Chistov flew to Anaheim to have an injured knee examined and rehabilitate. Svitov flew to Tampa Bay and signed a three-year contract. And Anatoly Bardin, president of Omsk, flew into a rage.
He sent word that both players should return to Russia or they would be considered AWOL from the army. It was the first time that Anaheim and Tampa Bay officials were told the two were in the army and they were a little suspicious. Compulsory military service is the only thing that prevents a player from signing with an NHL team under the agreement with the IIHF.
Bardin bragged to Russian reporters: "Bardin 1, NHL 0."
This, NHL officials said, was about rubles. Club teams from other countries receive a $100,000 fee when a player signs with an NHL team. The speculation was that Bardin wanted more.
Bardin claimed he was battling for the future of Russian hockey.
All Chistov knew was he was being called a deserter by Omsk officials
"I was disappointed I had to leave," Chistov said. "My only reason to come Anaheim was rehab the knee, to get it 100% healthy. The medical help in the U.S. could get me healthier a lot faster. I was going back to Omsk and play at least one more year."
Chistov, who declined to say whether he was really in the army when he was drafted, was sent to boot camp for 11 days on his return.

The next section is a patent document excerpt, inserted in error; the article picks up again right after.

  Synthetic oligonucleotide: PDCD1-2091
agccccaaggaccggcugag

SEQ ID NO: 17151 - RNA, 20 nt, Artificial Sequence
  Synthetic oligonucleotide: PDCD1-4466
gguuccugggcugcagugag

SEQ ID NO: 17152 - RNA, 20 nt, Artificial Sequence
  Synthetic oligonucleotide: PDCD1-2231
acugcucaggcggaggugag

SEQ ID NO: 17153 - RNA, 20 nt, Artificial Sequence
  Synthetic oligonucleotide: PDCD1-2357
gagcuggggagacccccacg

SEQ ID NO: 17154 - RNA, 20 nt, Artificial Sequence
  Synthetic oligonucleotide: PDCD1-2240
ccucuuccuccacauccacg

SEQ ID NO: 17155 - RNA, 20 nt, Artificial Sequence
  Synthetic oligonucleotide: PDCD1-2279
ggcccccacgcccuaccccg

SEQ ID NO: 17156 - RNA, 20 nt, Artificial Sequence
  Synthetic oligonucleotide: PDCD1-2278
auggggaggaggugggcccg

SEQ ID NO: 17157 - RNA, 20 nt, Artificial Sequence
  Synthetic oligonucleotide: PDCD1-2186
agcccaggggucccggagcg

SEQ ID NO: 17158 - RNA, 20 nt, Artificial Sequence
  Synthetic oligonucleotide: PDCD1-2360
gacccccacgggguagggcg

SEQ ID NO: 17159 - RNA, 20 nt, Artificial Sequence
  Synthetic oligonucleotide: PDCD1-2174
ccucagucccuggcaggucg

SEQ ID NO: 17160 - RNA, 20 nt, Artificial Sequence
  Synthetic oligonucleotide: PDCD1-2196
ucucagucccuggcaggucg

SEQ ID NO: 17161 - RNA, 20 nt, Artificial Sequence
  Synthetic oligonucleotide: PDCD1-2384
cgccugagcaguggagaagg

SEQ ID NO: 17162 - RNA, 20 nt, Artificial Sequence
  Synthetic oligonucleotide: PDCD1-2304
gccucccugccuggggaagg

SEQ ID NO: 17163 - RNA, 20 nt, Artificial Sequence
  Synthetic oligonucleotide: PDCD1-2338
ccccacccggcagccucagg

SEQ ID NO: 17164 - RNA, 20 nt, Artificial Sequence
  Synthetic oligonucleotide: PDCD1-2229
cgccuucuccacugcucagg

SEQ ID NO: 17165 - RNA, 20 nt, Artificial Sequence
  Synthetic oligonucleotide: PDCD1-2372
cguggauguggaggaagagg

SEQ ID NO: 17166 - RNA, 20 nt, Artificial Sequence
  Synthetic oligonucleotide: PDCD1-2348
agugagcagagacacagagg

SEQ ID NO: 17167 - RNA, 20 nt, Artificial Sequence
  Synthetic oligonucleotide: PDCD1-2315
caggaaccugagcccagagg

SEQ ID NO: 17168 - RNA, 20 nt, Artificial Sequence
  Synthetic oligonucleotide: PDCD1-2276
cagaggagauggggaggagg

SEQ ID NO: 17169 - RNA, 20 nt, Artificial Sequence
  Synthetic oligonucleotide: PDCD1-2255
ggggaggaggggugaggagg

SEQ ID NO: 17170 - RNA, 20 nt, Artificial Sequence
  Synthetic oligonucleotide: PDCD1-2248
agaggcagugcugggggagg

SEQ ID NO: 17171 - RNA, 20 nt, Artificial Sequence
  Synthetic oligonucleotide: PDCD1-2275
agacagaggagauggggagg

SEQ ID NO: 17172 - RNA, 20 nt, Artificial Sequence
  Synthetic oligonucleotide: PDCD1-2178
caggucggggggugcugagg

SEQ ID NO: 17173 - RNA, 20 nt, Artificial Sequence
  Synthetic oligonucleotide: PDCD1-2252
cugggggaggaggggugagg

"The future seemed uncertain," he said.
Things went from uncertain to bleak with a knock on his hotel room door in early November.
Chistov had rejoined Omsk for three games and the team was in Moscow. Members of the Moscow militia showed up at his hotel and took away him, Svitov and defenseman Kiril Kostov, who also had been inducted into the army.
The three were taken to a nearby base.
"Someone came to my door and told me there were army officers downstairs and they wanted me to go with them," Chistov said. "It wasn't a request.
"I wasn't really sure what was going on. I had a feeling. From the day I got back with Omsk, things were never the same. I was treated very differently. I knew things weren't going to be the same until I left."
Bardin complained that "we are witnessing the old Soviet hockey system."
It was nothing so sinister. The army decided that if the players were indeed in the army, they would play for the army's team in the Russian Super League.
Chistov and Svitov did not play again as a court battle ensued and, finally, the Russian defense minister ordered the players to be given back to Omsk. Instead, the two chose to sit and work out with the army's second division team.
"There is nothing you can do in that kind of situation but wait," Duck General Manager Bryan Murray said. "It was a lot tougher winter than it should have been for him."
Agent Jay Grossman finally secured the release of Chistov and Svitov. Both hastily traveled to New York. Grossman said he did not buy the players out of the army, as has been the case with other Russian players.